We’re not only his caregivers, we are now his voice.
What does being a military caregiver mean to you?
All our dreams of doing something different with our lives are over, because all our time and strength are dedicated to taking care of and providing for our son.
What was one of the first major challenges you faced as a military caregiver?
A major challenge was trying to find the resources that were available for my son. We realized that we were the only ones fighting on his behalf. We’re not only his caregivers, but we became his voice and representatives on everything.
What do you think is the biggest misconception civilians have about your situation?
Most people don’t understand the extent of the injuries that our loved ones have suffered. They don’t realize that physical injuries also come with emotional and spiritual wounds they’re unable to see.
After serving as pastors for over fifteen years, we redirected our devotion to the care of our son, former Army Sgt. Luis A. Alvarado. He was severely injured by an IED blast while serving in Operation Enduring Freedom. Luis lost his legs in the blast, suffered burns and was diagnosed with a severe TBI that left him completely incapacitated. We relocated to San Antonio, TX from Illinois to care for Luis’ needs. We received training while he was in the hospital so we could eventually care for him at home. Our own lives have brand new meaning: ensuring our son receives the best medical, physical, emotional, psychological and spiritual care he needs to rebuild a meaningful life.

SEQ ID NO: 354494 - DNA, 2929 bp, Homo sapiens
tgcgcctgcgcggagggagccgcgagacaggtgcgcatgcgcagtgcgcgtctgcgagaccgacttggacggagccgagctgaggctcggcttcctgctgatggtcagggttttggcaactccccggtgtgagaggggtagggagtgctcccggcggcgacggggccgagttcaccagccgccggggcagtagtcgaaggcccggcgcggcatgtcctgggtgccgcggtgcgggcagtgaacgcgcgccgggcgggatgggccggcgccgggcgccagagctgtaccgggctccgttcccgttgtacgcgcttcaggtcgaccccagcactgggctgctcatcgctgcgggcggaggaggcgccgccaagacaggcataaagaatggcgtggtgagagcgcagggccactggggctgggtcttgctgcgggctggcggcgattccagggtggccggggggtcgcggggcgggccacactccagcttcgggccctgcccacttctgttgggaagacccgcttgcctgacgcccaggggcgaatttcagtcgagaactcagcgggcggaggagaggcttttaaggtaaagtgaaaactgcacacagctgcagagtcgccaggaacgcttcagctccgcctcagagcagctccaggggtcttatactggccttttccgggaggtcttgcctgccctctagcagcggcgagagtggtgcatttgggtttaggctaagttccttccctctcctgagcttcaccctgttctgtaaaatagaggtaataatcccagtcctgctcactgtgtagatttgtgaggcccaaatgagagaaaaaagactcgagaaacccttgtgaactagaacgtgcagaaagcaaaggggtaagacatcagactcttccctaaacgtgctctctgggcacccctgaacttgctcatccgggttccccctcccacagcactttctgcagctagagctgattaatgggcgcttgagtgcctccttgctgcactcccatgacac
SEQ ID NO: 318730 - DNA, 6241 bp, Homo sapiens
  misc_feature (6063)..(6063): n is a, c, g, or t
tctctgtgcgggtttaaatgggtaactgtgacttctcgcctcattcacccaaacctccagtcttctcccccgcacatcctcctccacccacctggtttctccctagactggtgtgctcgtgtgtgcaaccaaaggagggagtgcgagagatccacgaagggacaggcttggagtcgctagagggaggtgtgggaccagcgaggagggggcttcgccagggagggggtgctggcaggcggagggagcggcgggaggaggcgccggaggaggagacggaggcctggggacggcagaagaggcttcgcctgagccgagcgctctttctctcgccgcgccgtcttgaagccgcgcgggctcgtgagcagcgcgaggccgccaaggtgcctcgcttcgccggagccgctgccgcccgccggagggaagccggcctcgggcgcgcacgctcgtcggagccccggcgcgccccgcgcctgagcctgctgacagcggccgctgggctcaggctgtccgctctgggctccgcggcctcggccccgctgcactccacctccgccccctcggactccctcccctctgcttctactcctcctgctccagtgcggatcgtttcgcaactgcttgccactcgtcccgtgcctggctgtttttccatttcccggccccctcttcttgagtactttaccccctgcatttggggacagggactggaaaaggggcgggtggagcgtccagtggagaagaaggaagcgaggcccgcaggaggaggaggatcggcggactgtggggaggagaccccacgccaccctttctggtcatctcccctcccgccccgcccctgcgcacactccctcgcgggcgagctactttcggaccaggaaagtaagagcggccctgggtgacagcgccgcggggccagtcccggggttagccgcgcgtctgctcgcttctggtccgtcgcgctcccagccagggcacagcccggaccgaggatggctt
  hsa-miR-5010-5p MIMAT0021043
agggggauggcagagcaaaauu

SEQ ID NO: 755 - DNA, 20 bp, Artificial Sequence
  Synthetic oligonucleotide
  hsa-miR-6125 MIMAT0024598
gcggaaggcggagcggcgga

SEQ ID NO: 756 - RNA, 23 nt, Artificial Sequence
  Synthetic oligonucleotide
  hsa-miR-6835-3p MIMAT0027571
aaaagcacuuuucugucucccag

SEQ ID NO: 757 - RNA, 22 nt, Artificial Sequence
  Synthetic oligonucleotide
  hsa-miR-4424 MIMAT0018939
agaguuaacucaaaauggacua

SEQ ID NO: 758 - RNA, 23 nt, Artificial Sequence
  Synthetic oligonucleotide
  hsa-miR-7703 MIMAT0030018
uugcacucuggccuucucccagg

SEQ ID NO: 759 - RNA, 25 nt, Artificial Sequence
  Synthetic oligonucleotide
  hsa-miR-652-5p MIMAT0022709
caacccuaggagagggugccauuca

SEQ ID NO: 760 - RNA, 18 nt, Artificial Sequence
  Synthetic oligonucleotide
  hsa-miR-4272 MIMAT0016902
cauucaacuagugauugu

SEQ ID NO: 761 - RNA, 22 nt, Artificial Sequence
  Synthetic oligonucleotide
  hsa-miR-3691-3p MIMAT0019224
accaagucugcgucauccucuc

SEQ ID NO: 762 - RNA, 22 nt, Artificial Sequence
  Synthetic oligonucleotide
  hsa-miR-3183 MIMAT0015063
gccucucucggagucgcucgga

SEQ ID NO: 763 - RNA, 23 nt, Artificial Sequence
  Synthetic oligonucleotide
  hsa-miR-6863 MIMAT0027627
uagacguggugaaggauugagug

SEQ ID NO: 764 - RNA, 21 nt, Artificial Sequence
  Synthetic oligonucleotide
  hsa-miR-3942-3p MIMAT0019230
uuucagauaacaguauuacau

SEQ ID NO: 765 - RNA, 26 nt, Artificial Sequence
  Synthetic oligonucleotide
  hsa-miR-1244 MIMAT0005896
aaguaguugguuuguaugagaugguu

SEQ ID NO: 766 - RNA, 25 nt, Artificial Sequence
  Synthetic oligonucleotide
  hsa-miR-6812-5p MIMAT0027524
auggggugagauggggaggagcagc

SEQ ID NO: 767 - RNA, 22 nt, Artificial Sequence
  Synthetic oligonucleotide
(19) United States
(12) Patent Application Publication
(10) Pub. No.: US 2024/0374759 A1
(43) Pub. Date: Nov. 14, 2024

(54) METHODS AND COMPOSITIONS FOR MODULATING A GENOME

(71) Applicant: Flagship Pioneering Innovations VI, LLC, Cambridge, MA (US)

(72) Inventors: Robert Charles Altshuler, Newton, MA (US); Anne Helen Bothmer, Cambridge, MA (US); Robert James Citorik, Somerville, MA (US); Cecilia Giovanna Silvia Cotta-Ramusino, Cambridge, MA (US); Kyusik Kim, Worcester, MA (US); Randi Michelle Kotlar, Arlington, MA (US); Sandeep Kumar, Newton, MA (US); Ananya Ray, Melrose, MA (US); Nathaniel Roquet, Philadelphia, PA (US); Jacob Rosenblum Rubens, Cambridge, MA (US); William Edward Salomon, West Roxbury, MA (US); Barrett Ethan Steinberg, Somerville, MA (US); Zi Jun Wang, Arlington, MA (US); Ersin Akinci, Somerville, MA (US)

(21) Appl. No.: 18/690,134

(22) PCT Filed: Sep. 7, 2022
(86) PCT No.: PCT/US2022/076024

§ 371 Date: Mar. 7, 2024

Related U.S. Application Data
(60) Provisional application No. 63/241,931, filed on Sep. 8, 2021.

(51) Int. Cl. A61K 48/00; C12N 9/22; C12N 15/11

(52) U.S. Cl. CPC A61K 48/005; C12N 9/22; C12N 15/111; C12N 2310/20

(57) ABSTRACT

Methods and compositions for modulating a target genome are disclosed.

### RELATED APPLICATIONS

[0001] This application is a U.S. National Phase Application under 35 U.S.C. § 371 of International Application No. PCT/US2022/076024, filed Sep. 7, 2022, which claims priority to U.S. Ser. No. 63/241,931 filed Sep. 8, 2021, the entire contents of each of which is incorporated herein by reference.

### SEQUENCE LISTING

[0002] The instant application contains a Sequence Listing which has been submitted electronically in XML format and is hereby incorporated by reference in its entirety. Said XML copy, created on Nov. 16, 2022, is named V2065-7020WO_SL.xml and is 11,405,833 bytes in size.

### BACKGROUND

As Elizabeth Dole Fellows, we offer moral and spiritual support to other caregivers coping with life altering challenges, and we bring attention to gaps in needed programs and resources.